Flame is both a product and a category of work, which makes this a more complex question. And Flame has become more affordable, so it’s feasible to pair it with other offerings, though of course you want to keep it high in the mix as it offers the best margin. So it depends on who looks at that, the business or the person in the chair.

ha, Dark Brew sounds V interesting! @Sinan

your not alone @Lightningad

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@allklier i hear finishing artist a lot. But in my experience having all the tools in one place makes it perfect as a Starting tool - i look to develop a great deal - how does this fit into the picture i wonder?

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It depends on how you look at ‘finishing’. If I read your reply correctly, you are thinking of the last tool in the chain before delivery (which Flame is well positioned for). When I use ‘Post Finishing Artist’ it’s meant in the context of the whole production pipeline - to take materials from set and do all the post / or work across all disciplines. I’ve had jobs where I took the footage from set and handled edit, color, vfx, sound, and delivery. So take your image and ‘finish’ it, rather than sit at the end for the last mile.

Primarily what I wanted to get away from was being pigeon holed as ‘colorist’ or ‘vfx’, or have a long list of ‘I do x, y, z, and b as well’ which doesn’t read well.

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I’m on set right now where we’ve stopped filming the TVC and the social media team are taking over: filming their segments. I think it’s interesting because it’s another dimension in advertising. It has its own magic that clients love and use to justify budgets with figures rather than sexy images, which they don’t seem to be able to quantify in Excel sheets.

I think what I mean to point out is that when flame started out, TVCs were the top of the food chain. Flame would service that with pretty pictures. TVCs are clinging on to that pole position. I wonder how flame, and we artists, can take advantage of this situation. I think it’s great to get flame into universities because new blood will bring in new ideas.

Look at the explosion of creativity on TikTok. It’s ace.


I agree @johnt and that’s def the goal. The big Qs to help solve are - what is the Roll that we’re saying education should adapt for? I could say Flame ops/artist… but what is that, if not just another type of software. And i guess quite important for them - who would want to employ these new graduating students?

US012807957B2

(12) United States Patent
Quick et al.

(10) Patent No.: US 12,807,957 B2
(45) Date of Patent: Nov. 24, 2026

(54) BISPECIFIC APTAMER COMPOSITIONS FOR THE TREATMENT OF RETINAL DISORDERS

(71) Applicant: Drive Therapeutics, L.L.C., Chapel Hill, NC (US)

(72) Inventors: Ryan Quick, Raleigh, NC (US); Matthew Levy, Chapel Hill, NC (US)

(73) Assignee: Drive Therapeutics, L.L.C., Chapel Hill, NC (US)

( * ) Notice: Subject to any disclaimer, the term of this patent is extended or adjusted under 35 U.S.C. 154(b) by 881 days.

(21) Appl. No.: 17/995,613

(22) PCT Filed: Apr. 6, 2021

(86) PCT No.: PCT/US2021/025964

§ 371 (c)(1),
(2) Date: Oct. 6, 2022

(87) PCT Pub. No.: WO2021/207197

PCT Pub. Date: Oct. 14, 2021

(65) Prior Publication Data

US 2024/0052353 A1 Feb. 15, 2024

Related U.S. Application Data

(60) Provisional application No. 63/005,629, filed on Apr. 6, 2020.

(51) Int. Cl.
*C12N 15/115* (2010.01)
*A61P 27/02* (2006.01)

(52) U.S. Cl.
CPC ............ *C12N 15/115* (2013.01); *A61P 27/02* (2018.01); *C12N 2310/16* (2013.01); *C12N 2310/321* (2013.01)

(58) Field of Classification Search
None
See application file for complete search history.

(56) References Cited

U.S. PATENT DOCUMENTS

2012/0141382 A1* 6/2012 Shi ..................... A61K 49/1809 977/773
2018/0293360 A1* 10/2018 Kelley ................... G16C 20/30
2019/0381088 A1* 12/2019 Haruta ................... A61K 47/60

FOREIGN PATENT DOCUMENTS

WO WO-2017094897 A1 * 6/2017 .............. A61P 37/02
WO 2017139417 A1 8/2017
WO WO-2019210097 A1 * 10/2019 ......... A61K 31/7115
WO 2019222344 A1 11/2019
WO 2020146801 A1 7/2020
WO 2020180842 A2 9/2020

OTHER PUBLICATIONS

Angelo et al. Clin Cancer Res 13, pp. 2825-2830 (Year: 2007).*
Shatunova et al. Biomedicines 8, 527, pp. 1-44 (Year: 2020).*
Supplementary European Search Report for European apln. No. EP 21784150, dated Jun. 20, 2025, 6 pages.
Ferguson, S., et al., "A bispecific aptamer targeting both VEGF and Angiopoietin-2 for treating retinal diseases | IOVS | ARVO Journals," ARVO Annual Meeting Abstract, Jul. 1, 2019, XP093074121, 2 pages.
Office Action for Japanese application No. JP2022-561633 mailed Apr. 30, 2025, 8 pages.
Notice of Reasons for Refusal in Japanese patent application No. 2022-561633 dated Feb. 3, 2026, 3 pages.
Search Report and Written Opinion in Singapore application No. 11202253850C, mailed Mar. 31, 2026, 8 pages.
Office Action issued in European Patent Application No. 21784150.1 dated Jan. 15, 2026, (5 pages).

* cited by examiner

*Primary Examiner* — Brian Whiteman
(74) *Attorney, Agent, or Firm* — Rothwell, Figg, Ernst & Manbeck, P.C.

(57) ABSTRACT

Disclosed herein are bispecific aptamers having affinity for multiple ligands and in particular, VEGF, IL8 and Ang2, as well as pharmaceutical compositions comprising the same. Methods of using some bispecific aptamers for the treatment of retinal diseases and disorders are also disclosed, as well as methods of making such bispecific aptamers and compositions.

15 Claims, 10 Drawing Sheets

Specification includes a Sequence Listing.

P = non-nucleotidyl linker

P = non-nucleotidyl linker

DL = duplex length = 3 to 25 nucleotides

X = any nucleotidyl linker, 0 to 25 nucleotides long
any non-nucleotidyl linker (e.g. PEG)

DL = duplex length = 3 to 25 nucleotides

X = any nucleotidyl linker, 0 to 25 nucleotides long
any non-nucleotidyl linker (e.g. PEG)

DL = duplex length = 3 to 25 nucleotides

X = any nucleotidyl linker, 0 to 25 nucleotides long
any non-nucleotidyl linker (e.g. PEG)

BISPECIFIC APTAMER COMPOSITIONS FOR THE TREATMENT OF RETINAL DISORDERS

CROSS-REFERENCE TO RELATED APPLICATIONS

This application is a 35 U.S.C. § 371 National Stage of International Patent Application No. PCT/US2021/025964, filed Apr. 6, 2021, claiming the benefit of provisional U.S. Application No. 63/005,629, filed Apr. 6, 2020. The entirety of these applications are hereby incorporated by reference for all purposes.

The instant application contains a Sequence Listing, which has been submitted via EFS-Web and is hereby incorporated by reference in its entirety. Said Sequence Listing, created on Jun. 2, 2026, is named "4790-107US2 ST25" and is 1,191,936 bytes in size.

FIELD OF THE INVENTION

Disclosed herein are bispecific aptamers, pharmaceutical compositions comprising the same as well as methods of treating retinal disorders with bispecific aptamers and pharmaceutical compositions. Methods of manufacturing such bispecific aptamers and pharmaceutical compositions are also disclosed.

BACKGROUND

While the industry has changed a lot on the 30 years that some folks here have worked as Flame artists, the change of pace has picked up more in recent years. We iterate faster over technology as cameras advance, color spaces become more complex (SDR/HDR), 3D, VR, there are more delivery channels and formats, etc. At the same time lots of established tools have fallen by the wayside as they got obsolete, or their companies lost the race of one kind or another. Also the client landscape has changed, while almost everything used to run through agencies or specialized in-house departments, you have a lot more direct clients and less experienced art buyers and producers, that nevertheless have decent budgets and huge expectations.

When you think about developing people you have to think about decade long careers ahead of them. Now it would be cool if Flame has another 30 years in it. Maybe, maybe not. But you have to prepare these folks to navigate a rapidly changing landscape. To me those are two soft skills: one is be able to ride the waves of an industry in flux with the ability to remain at the top. The other is to be in service of the image and the client. To keep sharp of what the best of the best visual medium looks at any point in time, and help whichever industry needs that get access and even help them develop new use cases. To remain perpetually curious and innovate at the same time as you deliver premium products.

You don’t want Flame Artists to be the WVa coal miners of the 2040s (no disrespect to miners, my grandfather was one).


No. I’d be a shot compositor.

I can operate edit software, but I don’t have the skills to be an editing rockstar and I’ve seen how fast Heiro operators try to get out of that particular hole, so yeah, I’d just do shots if it wasn’t for Flame.